As we move through the COVID-era, teams are now often made up of remote and in-person workers and forging those connections among team members is imperative. Perhaps it is monthly happy hours or team events to build morale. Consider incorporating “1 good thing” into your team meetings. It’s a gratitude practice in which each member of the team offers something good that has happened to them recently. There are layers of psychology at play with this exercise, not the least of which is creating a positive association with the team, manager, and company.
Be the Light
Culture starts at the top. The higher the position, the greater the impact of your actions, visible emotions, and words. People consciously and subconsciously cue off of leadership. A client of ours, also a CEO of Fortune 1000 company, got food poisoning over a long weekend. Although still feeling the effects they came into the office on Monday to prepare for a board meeting and a critical earnings release and to demonstrate their commitment to the organization. They looked pale, depleted, and upset, causing team members, cueing off of their body language, to think the worst. Rumors swirled internationally about an unexpectedly bad quarter, likely layoffs and other business doom and gloom, none of which was founded.
A bad burrito – yes, distressed financials and forecasts – no.
Effective leaders have developed a keen self-awareness and convey a sense of capability and confidence that inspires others to follow them. They control their verbal and nonverbal messages by smiling, walking with confidence, managing their words, tone, and communication timing. Also, it’s o.k. to take a sick day, which shows others its o.k. for them to do so too.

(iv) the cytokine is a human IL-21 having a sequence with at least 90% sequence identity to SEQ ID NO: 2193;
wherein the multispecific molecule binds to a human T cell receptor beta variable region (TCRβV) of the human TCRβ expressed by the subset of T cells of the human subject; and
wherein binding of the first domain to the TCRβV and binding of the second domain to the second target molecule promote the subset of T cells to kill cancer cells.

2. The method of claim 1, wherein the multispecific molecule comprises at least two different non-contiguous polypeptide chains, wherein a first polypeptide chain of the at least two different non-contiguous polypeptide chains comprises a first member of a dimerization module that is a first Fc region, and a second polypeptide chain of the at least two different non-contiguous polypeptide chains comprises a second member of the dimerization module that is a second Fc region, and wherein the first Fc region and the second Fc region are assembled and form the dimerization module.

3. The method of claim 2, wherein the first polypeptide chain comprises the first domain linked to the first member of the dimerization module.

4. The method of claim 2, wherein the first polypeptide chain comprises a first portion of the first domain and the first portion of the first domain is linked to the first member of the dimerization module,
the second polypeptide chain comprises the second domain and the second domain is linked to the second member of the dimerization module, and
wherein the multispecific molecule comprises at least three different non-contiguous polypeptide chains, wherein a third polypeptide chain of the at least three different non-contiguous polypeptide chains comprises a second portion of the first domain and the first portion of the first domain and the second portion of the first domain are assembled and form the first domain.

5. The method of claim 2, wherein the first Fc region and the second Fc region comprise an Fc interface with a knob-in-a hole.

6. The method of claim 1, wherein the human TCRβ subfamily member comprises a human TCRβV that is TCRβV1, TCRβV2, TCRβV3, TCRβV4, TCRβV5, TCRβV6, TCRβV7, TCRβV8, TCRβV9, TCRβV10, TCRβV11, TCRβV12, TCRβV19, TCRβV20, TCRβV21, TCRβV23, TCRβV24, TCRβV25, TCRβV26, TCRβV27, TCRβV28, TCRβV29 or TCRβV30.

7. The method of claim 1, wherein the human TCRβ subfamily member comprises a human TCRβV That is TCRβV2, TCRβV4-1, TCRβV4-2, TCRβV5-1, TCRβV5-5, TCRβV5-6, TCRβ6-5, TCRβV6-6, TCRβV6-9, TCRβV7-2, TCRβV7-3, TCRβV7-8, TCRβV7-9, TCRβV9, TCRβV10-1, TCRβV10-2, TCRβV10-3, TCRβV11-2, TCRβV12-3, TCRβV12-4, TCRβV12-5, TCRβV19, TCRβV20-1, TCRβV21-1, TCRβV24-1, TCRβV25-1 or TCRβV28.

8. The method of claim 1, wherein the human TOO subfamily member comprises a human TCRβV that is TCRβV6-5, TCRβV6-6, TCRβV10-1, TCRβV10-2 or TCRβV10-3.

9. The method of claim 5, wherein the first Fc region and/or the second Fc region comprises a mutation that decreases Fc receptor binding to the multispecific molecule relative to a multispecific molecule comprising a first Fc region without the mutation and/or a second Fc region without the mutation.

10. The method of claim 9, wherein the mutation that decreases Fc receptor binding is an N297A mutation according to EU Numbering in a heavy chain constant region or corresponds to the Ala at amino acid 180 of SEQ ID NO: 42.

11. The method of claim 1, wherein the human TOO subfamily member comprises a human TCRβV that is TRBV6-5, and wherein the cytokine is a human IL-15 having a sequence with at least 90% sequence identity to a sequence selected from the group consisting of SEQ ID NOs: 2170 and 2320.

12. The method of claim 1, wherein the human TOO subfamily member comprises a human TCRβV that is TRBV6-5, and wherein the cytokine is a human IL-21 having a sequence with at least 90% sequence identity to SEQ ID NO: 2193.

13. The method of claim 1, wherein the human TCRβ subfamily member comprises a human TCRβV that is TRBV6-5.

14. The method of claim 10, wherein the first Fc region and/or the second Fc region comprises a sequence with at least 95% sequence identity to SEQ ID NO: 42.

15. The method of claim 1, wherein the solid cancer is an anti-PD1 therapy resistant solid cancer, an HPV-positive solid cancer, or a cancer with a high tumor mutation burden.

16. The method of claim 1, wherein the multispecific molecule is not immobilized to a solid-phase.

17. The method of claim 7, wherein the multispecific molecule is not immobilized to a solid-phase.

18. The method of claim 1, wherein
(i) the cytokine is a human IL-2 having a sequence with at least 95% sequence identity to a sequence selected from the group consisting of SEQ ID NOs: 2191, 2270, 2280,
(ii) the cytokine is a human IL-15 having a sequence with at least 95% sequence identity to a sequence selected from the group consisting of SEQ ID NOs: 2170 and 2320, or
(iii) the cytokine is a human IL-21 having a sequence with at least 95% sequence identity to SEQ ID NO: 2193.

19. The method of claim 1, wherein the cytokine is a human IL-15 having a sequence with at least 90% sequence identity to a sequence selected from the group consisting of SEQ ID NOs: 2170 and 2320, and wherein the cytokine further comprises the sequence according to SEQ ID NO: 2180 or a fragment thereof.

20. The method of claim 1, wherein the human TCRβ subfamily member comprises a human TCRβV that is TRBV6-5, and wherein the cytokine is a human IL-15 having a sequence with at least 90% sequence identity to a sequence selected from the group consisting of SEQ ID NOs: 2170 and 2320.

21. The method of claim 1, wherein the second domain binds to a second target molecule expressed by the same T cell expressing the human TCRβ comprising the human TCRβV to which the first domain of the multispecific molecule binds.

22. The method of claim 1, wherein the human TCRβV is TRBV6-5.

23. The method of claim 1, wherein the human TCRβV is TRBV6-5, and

Smiling and walking confidently is a great mind-body hack. When you do it, you actually become happier, less stressed, and more confident. Our physiology informs our psychology, and vice-versa. – MBWA
“Managing by walking around” is as critical now as ever. Virtual and in-person teams are looking for connection and direction. Working together, we help guide each other’s actions, validate our contributions, course correct, and read the social dynamics.
A recent LinkedIn survey found 79% of employees would leave their job if they did not feel appreciated. Great leaders connect with their high performers regularly to reinforce their value, ask for their insights, and forge social bonds and conduct more formal ‘stay interviews’ every 3 – 6 months. They ensure they are spending their time with their most critical talent, and not just the ‘squeaky wheels’.
When we are in the office, discipline yourself to get out of your office 1 – 2 times/day for at least 10 minutes to walk the office, say “hi.” The movement will improve your energy, attitude, judgement, and overall cognitive performance. The connection with others allows you to spread positivity and a can-do attitude and reminds people why we are in-person. You also get a better real-time sense of how the organization is doing. Virtual teams, plan weekly happy hours (hint: not late Friday afternoon).
Leaders that thrived during COVID used most of the skills listed above and those that struggled did not. These are enduring leadership principles and during challenging times, their value is most critical.
The above list is intended to be a reminder and starting point. Leadership is a verb, not a noun. Using these Leadership skills will improve yourself, your team, your organization and will begin to put the fun back in the fundamentals.
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Pete Tzavalas is a Senior Vice President of global outplacement and executive coaching firm Challenger, Gray & Christmas, Inc. and is an expert in organizational change and leadership development. He earned a Masters of Organizational Leadership from Biola University and a B.S. degree from Pepperdine University.
Aaron Shaffer is founder and partner of Shaffer Psychological Institute, a coach for Challenger, Gray & Christmas, Inc., and works extensively in executive and leadership development. He earned a Doctorate of Industrial Organizational Psychology from Alliant International University and a B.A. in Psychology from University of California Irvine.